The following Commercial guidance note provides comprehensive and up to date legal information covering:
Businesses use standard terms and conditions (T&Cs) for many reasons, eg:
allocation of risk
Many businesses use standard T&Cs without appreciating their importance. Frequently, businesses do not enter into written agreements or may take agreements verbatim from elsewhere.
It is essential that businesses understand the need to enter into written agreements where possible and to adopt written terms that are pertinent to that business or trade.
Furthermore, in comparison with contracts concluded between two businesses, the room for manoeuvre when drafting is considerably limited in business-to-consumer T&Cs under the Consumer Rights Act 2015 (in force: 1 October 2015) because of the rules on unfair terms in consumer contracts. The CRA 2015 states that, in particular:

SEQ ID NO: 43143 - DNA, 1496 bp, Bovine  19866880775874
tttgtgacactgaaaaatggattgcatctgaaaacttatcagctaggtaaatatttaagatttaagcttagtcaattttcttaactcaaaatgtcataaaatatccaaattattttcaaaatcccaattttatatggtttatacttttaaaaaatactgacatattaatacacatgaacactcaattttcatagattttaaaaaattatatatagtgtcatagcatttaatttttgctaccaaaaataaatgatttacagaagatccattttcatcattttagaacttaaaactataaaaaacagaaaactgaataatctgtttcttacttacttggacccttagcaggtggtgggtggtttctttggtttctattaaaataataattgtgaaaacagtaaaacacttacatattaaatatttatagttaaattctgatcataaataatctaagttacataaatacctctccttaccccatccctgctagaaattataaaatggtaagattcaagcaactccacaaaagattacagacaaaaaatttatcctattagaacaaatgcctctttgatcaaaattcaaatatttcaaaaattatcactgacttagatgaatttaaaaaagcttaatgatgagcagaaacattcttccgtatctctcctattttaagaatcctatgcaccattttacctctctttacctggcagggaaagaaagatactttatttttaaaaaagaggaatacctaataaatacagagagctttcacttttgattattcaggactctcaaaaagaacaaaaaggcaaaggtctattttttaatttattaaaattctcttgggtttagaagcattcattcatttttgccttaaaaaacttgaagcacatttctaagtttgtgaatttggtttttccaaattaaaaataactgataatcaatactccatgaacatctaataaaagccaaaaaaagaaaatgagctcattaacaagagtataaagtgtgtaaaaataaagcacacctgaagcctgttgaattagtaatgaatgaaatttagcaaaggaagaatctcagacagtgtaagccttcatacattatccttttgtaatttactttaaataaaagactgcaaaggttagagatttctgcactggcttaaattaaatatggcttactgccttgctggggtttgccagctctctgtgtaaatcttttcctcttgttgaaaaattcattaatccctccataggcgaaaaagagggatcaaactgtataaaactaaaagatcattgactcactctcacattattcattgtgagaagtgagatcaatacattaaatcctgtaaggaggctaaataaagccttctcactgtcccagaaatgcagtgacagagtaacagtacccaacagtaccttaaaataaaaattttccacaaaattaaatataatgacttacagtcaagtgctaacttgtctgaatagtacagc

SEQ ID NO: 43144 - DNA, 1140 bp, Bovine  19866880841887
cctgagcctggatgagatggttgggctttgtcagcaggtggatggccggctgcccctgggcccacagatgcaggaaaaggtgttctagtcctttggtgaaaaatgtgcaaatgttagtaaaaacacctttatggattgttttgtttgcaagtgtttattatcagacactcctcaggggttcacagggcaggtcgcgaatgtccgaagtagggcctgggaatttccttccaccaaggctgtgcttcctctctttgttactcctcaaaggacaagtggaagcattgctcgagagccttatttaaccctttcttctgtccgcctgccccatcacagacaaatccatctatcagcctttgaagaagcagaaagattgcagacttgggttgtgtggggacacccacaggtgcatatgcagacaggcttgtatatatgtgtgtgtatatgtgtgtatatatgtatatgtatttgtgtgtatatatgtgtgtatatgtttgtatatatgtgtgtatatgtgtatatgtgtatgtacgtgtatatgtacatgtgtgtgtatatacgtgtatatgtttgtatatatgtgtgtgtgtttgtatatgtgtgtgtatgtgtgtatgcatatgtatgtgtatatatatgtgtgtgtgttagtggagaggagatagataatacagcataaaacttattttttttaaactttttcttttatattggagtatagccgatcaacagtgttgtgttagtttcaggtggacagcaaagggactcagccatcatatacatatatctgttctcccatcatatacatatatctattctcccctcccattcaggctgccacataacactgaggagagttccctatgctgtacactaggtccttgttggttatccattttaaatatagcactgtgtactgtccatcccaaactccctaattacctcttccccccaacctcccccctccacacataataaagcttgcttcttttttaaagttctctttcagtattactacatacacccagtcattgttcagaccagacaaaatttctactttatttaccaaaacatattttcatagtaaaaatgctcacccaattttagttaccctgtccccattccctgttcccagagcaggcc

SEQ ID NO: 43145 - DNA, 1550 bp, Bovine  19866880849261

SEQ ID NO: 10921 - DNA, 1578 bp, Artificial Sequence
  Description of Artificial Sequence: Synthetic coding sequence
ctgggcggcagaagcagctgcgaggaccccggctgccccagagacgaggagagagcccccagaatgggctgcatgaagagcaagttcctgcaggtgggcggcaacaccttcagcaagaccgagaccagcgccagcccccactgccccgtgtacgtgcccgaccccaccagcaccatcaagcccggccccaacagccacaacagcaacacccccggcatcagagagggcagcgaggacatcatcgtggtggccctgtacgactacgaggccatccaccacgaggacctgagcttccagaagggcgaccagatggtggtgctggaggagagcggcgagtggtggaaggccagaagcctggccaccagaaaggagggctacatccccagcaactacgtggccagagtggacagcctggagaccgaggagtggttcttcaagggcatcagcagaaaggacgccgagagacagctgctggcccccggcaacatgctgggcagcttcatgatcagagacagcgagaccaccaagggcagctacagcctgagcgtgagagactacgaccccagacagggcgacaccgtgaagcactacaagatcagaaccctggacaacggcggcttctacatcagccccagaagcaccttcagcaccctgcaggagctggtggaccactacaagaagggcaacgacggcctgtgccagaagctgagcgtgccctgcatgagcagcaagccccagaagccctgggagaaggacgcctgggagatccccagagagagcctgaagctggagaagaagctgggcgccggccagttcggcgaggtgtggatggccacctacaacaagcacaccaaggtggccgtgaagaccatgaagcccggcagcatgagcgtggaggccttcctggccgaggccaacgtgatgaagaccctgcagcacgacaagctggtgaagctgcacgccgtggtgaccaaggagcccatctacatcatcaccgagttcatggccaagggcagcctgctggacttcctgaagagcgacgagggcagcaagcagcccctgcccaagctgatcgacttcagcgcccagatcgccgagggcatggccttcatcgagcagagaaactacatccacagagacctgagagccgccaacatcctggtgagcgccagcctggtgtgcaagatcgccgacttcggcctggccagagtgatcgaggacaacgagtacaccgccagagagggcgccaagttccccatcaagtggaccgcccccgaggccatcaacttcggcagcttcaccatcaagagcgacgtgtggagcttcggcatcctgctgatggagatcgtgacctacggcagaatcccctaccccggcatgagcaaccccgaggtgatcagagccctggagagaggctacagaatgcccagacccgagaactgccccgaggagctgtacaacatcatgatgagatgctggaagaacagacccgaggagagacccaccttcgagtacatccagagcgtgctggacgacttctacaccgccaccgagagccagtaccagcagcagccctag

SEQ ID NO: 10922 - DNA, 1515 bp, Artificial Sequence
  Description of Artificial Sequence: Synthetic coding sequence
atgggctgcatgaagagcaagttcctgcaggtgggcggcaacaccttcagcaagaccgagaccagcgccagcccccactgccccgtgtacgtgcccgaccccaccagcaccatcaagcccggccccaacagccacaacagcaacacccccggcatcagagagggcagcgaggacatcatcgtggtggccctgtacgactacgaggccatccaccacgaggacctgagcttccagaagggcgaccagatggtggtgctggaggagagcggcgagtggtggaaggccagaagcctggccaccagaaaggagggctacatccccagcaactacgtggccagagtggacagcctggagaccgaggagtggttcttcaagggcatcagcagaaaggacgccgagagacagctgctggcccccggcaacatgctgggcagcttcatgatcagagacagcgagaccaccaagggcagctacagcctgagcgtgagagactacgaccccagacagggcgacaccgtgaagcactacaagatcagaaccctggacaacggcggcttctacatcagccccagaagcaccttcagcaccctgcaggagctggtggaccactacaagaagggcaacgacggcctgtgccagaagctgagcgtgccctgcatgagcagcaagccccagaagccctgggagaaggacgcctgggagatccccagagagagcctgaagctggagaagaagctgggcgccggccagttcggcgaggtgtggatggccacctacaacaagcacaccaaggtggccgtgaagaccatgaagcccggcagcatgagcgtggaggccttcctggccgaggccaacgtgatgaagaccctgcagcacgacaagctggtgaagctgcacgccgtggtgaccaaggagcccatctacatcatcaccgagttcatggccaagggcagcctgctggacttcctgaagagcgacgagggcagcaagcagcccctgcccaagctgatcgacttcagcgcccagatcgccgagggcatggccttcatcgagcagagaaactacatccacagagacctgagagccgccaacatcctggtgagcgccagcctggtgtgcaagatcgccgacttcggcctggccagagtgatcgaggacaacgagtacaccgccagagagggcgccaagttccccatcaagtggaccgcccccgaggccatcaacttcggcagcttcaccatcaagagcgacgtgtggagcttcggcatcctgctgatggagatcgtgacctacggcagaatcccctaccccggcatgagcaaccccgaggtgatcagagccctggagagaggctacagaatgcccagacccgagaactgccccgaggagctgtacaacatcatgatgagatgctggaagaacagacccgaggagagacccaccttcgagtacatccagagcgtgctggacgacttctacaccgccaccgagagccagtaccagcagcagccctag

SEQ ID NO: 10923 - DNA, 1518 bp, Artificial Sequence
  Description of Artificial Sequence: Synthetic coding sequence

an unfair term of a consumer contract is not binding on the consumer
a term is unfair if, contrary to the requirement of good faith, it causes a significant imbalance in the parties’ rights and obligations under the contract to the detriment of the consumer, and
contracts must also be drafted in ‘plain and intelligible language’ and ‘be legible'
Standard T&Cs, if used correctly and duly incorporated, are fundamental to income generation. They should form the basis of all contracts and provide a framework for day-to-day operations as well as protection
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